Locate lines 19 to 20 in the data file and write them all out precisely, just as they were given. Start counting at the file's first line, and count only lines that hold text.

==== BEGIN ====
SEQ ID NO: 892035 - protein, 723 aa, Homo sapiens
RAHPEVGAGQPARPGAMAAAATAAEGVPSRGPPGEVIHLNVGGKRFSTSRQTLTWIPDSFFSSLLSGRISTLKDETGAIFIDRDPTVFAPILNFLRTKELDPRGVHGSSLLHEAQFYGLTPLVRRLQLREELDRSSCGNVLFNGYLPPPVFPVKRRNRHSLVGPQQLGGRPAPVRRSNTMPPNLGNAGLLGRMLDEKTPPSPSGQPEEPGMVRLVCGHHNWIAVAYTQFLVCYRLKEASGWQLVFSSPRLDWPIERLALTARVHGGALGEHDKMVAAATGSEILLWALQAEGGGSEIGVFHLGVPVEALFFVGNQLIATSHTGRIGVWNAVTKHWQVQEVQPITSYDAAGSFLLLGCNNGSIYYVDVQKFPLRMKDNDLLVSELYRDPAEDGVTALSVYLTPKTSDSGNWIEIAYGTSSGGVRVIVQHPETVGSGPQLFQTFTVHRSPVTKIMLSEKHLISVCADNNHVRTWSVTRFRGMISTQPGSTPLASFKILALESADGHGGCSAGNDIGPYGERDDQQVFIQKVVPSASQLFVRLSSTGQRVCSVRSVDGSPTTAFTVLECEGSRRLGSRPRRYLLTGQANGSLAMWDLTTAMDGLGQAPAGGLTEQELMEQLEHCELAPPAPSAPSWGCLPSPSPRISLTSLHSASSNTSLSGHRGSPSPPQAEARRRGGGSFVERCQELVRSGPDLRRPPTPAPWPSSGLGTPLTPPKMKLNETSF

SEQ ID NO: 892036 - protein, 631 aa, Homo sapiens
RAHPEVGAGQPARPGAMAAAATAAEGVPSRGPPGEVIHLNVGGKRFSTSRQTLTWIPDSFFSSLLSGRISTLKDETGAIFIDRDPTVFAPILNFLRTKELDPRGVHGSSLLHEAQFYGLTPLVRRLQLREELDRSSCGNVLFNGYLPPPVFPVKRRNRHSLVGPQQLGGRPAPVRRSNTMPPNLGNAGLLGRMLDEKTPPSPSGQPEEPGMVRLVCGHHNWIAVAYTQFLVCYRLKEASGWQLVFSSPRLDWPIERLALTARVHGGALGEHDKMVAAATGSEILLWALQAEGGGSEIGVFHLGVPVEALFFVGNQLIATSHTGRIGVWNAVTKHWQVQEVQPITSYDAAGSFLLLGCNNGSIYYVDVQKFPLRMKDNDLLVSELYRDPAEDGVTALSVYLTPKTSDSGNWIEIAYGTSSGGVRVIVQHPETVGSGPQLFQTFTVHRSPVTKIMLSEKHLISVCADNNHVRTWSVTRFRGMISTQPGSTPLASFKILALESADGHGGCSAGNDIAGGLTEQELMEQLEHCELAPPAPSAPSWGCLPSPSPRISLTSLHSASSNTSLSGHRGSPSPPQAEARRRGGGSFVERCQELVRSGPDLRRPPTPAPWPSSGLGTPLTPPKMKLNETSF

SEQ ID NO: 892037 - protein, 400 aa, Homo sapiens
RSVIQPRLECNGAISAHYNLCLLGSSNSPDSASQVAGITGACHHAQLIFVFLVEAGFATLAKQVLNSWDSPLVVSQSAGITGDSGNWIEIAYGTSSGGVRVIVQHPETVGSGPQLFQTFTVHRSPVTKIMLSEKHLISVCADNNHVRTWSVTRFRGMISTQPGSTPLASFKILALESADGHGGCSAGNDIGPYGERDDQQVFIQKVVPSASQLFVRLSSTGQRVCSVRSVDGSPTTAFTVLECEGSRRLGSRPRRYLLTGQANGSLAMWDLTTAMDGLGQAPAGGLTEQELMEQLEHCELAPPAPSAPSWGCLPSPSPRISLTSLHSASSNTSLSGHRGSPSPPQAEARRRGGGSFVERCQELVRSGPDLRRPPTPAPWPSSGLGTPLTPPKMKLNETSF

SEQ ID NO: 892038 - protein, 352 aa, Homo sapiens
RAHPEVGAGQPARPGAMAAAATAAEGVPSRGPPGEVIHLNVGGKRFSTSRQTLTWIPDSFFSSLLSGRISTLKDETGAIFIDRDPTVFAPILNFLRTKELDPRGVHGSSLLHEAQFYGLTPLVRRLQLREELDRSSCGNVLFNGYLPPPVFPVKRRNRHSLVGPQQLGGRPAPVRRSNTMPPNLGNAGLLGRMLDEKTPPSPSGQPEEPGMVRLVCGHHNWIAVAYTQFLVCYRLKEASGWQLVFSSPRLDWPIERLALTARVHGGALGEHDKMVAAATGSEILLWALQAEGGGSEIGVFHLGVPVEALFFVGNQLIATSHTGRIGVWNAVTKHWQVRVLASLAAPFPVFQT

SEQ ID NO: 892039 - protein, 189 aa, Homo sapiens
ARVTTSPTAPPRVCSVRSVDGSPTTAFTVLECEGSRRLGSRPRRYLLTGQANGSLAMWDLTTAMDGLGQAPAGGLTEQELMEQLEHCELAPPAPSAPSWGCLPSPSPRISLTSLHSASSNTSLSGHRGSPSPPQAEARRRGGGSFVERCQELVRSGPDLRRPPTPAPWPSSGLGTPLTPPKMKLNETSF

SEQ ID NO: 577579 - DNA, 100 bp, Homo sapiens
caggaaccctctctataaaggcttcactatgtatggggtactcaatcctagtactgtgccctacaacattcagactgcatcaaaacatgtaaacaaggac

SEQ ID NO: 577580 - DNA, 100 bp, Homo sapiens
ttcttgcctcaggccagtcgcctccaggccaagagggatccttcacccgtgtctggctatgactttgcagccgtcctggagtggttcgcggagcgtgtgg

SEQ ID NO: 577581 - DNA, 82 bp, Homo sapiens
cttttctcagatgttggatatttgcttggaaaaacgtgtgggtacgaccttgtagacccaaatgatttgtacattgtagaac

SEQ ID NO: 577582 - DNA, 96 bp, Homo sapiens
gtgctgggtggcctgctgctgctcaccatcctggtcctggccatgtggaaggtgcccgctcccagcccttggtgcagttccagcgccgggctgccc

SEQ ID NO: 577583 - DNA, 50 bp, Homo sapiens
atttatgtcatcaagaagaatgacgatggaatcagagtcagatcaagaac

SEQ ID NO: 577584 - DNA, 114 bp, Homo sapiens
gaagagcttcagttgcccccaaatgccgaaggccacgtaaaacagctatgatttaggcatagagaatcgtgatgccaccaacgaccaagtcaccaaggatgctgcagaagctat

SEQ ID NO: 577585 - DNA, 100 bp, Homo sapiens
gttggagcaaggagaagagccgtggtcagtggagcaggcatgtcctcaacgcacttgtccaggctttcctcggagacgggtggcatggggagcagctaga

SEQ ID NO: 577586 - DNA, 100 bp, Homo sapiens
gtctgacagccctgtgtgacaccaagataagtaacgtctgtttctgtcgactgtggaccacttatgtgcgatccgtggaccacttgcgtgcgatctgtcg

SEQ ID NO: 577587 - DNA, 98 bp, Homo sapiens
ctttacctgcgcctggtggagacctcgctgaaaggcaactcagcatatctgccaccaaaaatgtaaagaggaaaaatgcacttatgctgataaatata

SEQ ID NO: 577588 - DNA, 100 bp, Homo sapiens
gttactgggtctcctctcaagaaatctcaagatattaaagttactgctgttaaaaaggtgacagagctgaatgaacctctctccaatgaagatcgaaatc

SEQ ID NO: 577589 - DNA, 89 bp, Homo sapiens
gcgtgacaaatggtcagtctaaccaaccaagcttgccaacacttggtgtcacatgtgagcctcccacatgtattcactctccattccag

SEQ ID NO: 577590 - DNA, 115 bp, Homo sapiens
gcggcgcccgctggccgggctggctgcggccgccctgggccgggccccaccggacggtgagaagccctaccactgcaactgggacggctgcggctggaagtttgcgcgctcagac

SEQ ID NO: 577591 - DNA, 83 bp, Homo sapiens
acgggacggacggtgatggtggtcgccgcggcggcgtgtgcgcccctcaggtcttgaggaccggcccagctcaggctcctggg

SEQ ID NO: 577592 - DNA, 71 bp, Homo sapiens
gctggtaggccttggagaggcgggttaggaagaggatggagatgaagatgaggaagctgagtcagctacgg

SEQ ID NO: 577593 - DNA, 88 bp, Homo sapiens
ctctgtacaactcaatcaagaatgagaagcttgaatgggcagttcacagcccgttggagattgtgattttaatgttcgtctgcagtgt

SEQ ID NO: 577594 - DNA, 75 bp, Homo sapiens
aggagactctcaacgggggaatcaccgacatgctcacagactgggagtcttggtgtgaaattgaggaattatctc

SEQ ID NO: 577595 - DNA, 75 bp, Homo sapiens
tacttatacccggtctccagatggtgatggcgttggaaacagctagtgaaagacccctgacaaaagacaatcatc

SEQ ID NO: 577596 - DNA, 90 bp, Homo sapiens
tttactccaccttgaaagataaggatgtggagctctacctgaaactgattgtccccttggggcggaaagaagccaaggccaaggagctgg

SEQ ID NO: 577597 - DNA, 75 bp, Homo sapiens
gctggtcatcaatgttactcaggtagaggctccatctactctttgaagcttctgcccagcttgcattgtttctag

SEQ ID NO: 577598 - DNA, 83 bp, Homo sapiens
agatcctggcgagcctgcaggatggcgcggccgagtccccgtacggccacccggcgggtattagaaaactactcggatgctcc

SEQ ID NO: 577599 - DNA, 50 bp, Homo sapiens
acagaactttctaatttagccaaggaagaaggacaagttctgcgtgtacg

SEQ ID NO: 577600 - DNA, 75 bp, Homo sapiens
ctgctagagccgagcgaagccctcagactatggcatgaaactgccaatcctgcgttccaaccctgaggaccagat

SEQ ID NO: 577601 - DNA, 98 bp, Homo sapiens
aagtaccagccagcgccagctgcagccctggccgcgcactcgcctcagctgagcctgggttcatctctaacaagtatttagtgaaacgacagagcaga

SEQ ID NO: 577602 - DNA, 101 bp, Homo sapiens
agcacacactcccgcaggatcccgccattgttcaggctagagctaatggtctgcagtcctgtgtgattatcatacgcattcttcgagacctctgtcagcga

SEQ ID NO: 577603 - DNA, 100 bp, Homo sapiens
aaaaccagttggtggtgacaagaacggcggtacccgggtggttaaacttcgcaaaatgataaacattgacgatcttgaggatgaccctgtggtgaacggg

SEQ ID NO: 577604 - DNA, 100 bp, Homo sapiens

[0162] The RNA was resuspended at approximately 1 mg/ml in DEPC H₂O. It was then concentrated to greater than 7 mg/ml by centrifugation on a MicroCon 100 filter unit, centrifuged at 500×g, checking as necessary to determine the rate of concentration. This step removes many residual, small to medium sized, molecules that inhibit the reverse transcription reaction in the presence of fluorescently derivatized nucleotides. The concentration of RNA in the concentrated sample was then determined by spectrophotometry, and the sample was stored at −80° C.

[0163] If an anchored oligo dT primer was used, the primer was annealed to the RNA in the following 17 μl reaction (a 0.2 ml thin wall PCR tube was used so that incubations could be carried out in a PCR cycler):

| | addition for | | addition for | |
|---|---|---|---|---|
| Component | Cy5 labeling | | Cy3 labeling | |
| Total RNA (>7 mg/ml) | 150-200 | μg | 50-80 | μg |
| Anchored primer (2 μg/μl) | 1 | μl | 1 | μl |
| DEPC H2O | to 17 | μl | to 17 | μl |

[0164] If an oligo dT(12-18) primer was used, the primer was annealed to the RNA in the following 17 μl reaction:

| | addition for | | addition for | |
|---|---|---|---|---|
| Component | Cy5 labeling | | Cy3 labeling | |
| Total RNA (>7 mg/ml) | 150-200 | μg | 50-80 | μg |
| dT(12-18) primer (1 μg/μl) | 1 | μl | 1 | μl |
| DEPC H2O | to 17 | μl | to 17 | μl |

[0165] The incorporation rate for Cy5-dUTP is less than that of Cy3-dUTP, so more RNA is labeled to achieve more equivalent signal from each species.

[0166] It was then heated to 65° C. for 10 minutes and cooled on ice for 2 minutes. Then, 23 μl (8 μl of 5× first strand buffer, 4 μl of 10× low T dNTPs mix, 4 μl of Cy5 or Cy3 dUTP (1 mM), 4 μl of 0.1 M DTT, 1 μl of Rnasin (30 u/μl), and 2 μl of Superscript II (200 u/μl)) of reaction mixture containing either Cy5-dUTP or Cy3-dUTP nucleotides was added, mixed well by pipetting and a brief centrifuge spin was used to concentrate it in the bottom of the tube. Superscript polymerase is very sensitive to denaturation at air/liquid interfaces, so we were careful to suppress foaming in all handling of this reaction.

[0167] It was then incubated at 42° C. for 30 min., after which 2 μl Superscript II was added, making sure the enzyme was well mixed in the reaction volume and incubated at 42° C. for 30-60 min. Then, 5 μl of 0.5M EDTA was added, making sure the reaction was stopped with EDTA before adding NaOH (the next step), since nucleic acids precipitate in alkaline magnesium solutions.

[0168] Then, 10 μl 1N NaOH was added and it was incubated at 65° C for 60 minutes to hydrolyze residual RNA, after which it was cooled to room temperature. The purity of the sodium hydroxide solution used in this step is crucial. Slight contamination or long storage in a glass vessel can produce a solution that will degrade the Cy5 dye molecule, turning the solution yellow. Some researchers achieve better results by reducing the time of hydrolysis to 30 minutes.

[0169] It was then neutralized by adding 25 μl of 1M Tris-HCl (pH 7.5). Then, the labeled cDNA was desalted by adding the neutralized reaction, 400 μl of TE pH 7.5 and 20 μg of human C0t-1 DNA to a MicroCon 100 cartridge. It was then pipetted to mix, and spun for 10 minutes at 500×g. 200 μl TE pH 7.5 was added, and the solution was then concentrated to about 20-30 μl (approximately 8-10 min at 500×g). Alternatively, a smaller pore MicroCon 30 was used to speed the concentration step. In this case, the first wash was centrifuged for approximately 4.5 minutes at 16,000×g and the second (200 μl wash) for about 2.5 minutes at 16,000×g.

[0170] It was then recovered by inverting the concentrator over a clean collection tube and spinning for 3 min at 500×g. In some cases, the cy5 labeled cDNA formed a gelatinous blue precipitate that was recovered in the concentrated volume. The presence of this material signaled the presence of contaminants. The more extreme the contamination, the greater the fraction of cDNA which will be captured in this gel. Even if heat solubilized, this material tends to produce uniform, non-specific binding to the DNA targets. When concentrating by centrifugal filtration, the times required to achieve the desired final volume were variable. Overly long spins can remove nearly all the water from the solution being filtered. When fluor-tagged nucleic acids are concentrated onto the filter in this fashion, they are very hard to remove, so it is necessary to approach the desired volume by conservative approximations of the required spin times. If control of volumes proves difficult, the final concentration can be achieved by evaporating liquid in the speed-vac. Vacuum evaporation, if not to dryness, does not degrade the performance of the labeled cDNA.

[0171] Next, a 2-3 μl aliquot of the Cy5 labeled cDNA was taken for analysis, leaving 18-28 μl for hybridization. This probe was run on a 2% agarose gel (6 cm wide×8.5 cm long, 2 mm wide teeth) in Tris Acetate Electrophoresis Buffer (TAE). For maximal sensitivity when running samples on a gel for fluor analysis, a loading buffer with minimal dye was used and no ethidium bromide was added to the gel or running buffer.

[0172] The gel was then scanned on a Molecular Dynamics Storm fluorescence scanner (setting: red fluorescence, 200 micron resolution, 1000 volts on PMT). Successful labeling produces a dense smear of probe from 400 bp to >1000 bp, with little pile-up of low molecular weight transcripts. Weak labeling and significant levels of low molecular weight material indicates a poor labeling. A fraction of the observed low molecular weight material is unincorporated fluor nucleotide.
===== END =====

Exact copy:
SEQ ID NO: 577583 - DNA, 50 bp, Homo sapiens
atttatgtcatcaagaagaatgacgatggaatcagagtcagatcaagaac